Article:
Teslas do not require routine oil changes, and they have far fewer moving (and breakable) parts than internal combustion engine vehicles. They qualify for federal and state tax credits, rebates, sales tax exemptions, free parking, commuter-lane passes and other perks. Model S costs roughly $5 to drive 230 miles – a bargain even if gasoline were $1 per gallon.


The anticipated base price of the Model S is $49,900 after a federal tax credit of $7,500. The company has not released options pricing. Three battery pack choices will offer a range of 160, 230 or 300 miles per charge.

But the anticipated sticker price doesn’t tell the full story. Model S costs half as much as a Roadster, and it’s a better value than much cheaper cars. The ownership cost of Model S, if you were to lease and then account for the much lower cost of electricity vs. gasoline at a likely future cost of $4 per gallon, is similar to a gasoline car with a sticker price of about $35,000. That’s why we’re positive this car will be the preferred choice of savvy consumers.

The standard Model S does 0-60 mph in under six seconds and will have an electronically limited top speed of 130 mph, with sport versions expected to achieve 0-60 mph acceleration well below five seconds. A single-speed gearbox delivers effortless acceleration and responsive handling. A 17-inch touchscreen with in-car 3G connectivity allows passengers to listen to Pandora Radio or consult Google Maps, or check their state of charge remotely from their iPhone or laptop.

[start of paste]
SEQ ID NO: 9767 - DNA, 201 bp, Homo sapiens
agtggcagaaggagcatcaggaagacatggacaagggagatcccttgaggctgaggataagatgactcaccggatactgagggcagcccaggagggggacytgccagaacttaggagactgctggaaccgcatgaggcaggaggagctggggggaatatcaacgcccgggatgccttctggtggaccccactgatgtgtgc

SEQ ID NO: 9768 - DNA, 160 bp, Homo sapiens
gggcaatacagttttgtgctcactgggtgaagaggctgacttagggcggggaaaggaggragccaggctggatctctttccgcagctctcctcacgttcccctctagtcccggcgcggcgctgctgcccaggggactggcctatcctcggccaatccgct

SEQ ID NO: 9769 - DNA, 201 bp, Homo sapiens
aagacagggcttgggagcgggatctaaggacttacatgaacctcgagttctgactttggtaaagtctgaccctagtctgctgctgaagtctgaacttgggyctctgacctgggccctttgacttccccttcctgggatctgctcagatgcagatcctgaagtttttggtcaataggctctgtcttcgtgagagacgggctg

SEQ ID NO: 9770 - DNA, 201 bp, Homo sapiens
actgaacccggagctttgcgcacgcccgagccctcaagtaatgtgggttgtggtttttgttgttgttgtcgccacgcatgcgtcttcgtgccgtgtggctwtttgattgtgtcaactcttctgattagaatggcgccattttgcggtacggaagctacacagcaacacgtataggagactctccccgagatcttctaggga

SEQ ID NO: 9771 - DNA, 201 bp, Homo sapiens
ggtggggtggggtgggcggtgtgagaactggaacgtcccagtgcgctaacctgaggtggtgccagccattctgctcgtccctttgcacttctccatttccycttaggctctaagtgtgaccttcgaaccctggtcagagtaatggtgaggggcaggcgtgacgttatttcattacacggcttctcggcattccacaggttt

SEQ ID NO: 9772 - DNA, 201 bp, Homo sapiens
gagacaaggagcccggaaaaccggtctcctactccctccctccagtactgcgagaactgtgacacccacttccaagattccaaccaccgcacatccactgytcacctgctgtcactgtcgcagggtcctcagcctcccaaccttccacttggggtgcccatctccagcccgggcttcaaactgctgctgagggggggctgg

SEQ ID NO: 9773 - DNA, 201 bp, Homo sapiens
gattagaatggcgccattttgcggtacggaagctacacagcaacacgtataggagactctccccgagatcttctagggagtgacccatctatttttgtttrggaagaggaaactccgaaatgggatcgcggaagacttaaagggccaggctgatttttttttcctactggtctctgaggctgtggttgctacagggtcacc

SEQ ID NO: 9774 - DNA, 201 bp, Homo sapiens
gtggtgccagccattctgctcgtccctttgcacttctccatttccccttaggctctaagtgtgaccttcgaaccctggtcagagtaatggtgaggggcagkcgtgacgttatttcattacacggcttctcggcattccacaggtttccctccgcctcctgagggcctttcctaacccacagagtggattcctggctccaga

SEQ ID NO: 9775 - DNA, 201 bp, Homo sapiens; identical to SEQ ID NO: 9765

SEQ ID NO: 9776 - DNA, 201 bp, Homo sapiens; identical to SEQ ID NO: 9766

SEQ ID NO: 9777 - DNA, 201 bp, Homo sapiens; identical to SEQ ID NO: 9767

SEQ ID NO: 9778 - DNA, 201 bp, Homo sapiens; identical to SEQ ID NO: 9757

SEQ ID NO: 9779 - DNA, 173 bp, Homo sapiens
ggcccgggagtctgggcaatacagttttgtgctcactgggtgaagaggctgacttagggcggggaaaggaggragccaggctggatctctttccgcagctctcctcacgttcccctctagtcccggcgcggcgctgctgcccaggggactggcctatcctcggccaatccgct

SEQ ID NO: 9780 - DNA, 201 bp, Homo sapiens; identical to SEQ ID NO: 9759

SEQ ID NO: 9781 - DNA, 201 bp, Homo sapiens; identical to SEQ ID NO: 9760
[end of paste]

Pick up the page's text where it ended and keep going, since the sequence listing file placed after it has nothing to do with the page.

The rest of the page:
Tesla is taking reservations online and at showrooms in California. Tesla will open a store in Chicago this spring and plans to open stores in London, New York, Miami, Seattle, Washington DC and Munich later this year.

With a 300-mile range and 45-minute QuickCharge, the $49,900 Model S can carry five adults and two children in quiet comfort – and you can charge it from any outlet, without ever stopping for gas. World’s first mass-produced electric vehicle offers performance, efficiency and unrivaled utility with twice the energy-efficiency of hybrids, making Model S the only car you’ll ever need.

Convenience and utility bullet points:

• Up to 300-mile range

• 45-minute QuickCharge

• 5-minute battery swap

• Charges from 110V, 220V or 440V

• Seating for 5 adults + 2 child seats

• Unique hatch for oversized items

• 60/40 flat-folding rear seat

• 2nd trunk under hood

• EPA Roominess Index 121.6

• More room than station wagons

• 17-inch infotainment touchscreen

• 3G wireless connectivity

Model S powertrain includes a liquid-cooled 9-inch motor, floor-mounted battery pack and a single-speed gearbox, delivering effortless acceleration, responsive handling and quiet simplicity — no fancy clutchwork or gear-shifting required. Model S costs as little as $4 to fully charge – a bargain even if gasoline dropped to $1 per gallon. You can have affordable fun while being socially responsible.

Technical specs:

• 0-60 mph in 5.6 seconds

• ¼ mile in 14 seconds

• 120 mph top speed

• Braking 60-0 mph 135 feet

• 42 kWh battery storage system standard

• 70 kWh and greater battery storage systems optional

• 9- inch liquid cooled electric motor

• Single-speed transaxle gearbox

• Curb Weight 3825 lbs

• Overall Length 196″

• Wheelbase 116.5″

• All-wheel-drive available (option available in future production models)

• Right hand drive available

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This entry was posted on Tuesday, March 31st, 2009 at 11:03 am and is filed under Car News Articles. You can follow any responses to this entry through the RSS 2.0 feed. Both comments and pings are currently closed.